Majority of the people involved in farming do not own the land that they till. These “tenant farmers” use the land leased out to them for agricultural purposes. Most of the people involved in this are not native to Delhi and hail from regions like Badaun in UP, Jharkhand, Bihar, West Bengal, Uttar Pradesh and have continued the practice of farming from their villages. Farming in Delhi allows them a meaningful utilisation of their skill. They have migrated to Delhi and have set up their “kachha” houses, residing with their families, near the soil that they till, grow their crops in and make a living out of. Many also keep livestock.

Wherever one goes around the farmlands of Delhi, every farmer echoes the same story of their plight. They are landless, uncertain about their living situation, livelihood or their future in Delhi. They remain at the mercy of Delhi Development Authority (DDA) to determine till when farming could be allowed in these lands. A farmer in Chilla Khadar explained, “It is not wise to get attached to the land. If not today, tomorrow farming on these lands will come to an end.” Near Rajghat, in Jublee Park, a few farmers are members of a few cooperatives who together use 1337 acres of land for agriculture. However, in the eyes of the court, these farmers are not owners but “illegal” occupants of these lands. On Delhi’s peripheries, agriculture has been well integrated into everyday life. However, even their situation remains the same. One farmer shared his plight, “In the eyes of the government, there is no agriculture taking place in Delhi. Even now, the lands in Ladpur, Tatesar, Punjab Khod, Katevda, Mungeshpur, Kutubgadh, Jatkhod, Auchandi, Dariyapur, Nangal, Chandpur, etc have still not been acquired by the government. Despite this, they are not provided with any facilities.”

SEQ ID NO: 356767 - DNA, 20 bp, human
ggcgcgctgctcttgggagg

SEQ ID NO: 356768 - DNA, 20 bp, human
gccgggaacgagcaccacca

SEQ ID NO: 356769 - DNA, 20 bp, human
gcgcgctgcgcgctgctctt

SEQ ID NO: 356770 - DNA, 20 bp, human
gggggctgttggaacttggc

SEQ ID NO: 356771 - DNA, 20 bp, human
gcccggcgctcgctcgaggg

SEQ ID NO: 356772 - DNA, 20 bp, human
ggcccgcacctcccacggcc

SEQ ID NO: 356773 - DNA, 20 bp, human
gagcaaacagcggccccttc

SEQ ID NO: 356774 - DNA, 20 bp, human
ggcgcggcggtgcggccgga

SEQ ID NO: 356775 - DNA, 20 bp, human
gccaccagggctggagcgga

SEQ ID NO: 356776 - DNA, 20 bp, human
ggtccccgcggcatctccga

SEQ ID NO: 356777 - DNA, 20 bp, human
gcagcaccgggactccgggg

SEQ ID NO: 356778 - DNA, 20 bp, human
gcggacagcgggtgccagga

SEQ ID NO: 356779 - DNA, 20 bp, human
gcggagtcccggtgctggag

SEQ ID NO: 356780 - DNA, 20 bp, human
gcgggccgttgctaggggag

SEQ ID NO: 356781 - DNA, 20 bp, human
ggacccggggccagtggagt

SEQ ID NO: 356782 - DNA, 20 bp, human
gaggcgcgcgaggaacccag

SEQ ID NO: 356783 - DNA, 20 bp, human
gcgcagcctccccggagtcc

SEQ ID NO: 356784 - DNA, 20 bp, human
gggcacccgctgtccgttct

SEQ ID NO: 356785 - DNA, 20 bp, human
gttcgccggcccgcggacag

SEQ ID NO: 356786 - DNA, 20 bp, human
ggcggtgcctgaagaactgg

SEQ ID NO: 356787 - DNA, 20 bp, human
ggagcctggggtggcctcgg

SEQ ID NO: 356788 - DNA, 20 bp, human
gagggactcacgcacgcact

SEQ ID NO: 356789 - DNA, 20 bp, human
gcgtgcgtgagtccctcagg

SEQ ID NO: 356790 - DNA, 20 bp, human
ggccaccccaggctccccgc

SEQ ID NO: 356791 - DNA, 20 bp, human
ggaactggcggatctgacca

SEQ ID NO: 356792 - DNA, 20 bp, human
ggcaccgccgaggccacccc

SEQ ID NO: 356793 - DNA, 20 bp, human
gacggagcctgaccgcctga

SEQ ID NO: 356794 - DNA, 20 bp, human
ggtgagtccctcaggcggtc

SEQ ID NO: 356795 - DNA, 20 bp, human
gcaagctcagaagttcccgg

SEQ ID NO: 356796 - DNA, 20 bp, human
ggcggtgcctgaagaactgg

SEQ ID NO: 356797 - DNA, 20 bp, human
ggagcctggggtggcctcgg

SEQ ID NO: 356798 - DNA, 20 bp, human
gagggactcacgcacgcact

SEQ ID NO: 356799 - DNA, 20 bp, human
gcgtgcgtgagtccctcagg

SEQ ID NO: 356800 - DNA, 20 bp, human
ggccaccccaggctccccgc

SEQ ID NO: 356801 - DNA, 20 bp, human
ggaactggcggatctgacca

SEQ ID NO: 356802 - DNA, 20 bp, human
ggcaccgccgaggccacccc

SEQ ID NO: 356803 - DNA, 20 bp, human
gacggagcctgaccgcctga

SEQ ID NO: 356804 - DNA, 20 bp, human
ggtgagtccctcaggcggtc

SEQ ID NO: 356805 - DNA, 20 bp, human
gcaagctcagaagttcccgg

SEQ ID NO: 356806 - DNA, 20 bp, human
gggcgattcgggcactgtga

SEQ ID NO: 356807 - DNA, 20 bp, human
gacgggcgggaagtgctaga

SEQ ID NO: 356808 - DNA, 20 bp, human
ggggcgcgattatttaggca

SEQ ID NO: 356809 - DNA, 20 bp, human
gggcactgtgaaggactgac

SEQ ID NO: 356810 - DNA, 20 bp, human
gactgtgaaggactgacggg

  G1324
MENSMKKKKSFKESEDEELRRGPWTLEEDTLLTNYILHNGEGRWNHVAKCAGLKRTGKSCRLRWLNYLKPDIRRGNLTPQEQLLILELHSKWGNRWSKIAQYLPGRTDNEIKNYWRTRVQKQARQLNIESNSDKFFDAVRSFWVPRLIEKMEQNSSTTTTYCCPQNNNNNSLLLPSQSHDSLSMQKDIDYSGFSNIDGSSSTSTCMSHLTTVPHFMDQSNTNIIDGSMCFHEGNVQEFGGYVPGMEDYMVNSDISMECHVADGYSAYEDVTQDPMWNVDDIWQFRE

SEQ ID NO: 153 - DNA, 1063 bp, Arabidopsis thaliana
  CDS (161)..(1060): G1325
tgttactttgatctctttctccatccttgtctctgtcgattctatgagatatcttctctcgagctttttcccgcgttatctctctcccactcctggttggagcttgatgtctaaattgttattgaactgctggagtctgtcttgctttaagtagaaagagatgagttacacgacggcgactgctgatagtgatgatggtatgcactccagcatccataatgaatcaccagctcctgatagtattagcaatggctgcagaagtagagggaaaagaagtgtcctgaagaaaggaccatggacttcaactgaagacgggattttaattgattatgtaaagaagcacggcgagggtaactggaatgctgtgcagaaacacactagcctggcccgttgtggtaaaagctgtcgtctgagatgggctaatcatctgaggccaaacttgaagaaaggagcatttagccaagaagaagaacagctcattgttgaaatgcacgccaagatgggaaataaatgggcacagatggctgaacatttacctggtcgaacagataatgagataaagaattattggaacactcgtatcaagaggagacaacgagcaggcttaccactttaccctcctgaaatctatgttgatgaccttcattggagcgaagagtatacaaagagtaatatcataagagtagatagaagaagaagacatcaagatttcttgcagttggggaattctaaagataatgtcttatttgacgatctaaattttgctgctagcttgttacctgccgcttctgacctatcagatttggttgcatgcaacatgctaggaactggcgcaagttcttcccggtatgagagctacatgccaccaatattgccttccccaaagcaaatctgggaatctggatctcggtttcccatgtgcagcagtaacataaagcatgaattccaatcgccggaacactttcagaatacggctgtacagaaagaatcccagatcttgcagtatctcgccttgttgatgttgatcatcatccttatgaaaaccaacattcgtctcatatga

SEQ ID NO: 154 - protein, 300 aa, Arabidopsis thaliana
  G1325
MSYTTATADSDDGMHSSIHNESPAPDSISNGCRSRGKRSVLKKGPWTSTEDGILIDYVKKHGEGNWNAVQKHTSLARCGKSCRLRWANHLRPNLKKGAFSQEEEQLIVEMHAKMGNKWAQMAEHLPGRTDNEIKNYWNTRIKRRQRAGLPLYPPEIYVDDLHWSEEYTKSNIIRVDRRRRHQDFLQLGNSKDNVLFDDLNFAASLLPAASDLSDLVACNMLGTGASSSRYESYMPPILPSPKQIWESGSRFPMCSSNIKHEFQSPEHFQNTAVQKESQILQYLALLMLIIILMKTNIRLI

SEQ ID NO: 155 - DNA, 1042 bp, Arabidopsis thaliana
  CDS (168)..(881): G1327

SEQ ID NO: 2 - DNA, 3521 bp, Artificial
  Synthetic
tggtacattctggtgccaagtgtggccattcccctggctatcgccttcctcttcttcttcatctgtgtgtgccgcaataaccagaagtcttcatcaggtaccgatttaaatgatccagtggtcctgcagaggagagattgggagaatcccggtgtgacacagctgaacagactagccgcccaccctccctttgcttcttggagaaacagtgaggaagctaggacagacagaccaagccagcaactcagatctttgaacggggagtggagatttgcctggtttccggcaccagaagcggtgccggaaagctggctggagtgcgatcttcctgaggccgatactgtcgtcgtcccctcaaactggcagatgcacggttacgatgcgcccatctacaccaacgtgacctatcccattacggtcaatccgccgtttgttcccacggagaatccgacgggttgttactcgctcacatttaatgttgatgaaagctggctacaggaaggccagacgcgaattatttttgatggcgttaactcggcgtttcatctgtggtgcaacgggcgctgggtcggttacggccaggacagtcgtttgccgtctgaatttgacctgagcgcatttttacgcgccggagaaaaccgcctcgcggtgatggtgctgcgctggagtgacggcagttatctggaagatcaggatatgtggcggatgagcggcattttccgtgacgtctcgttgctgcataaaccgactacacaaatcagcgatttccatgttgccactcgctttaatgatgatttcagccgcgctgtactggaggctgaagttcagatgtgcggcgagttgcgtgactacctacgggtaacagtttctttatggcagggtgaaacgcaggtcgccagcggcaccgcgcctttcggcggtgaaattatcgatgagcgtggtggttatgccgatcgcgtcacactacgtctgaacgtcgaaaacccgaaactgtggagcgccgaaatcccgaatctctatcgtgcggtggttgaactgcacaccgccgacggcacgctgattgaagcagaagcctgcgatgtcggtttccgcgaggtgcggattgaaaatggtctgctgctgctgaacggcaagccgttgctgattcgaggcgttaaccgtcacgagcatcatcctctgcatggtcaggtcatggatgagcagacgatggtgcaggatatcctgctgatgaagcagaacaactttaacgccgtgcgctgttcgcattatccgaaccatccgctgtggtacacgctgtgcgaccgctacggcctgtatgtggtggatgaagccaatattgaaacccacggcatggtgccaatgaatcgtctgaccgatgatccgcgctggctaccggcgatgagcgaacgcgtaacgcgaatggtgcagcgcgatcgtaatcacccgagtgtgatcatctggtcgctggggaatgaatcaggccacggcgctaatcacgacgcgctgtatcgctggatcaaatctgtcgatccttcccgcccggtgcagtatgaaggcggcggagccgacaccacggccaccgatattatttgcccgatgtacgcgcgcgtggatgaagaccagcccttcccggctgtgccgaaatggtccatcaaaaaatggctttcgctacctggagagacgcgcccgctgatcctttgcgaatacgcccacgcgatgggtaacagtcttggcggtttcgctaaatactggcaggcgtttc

In some areas, the Delhi government and other non-government organizations have provided public welfare structures. For instance, in Chilla Khadar, the Delhi government has built two shelters and provided two water storage tanks which are filled up regularly by water tankers. Apart from this, two public washrooms have been built but no provision has been made for its regular cleaning. Despite having built structures for residing, the farmers of this place are still categorized as “homeless” in official papers. They do possess official certificates like ration card, voter id but do not have a proof of permanent residence.

For irrigation purposes, no farmer directly uses the water from the river Yamuna. Most of the farming is done on 2-3 beegha land. There are very few who farm on 10-20 beeghas of land. For ploughing, many of the big farmers use tractors while others have to rely on a tool. These small farmers also grow vegetables in raised beds. They have not been given any provisions by the government for tilling their land. Some have built bore wells on their own expense, while others use the handpump for irrigation. Other things like compost, seeds etc are procured from the market but some farmers in Chill Khadar use directly sourced manure for fertilizing their land. Moreover, these farmers also have to prepare themselves for monsoon flooding which occurs almost every year.

Nowadays, one can witness varied forms of urban farming taking place in Delhi. New forms that have come up include farming in farmhouses in Delhi-NCR, polyhouse farming, and growing mushroom beds in specially built structures.  Another type of urban farming can be observed in Delhi where people are growing fruits and vegetable as a hobby on their balconies and terraces. One such individual is  Madan Gopal Kohli of Keshavpuram who has around 20,000 plants, a few around 20 years old, in his balcony and terrace and has found mention in Limca Book of World Records.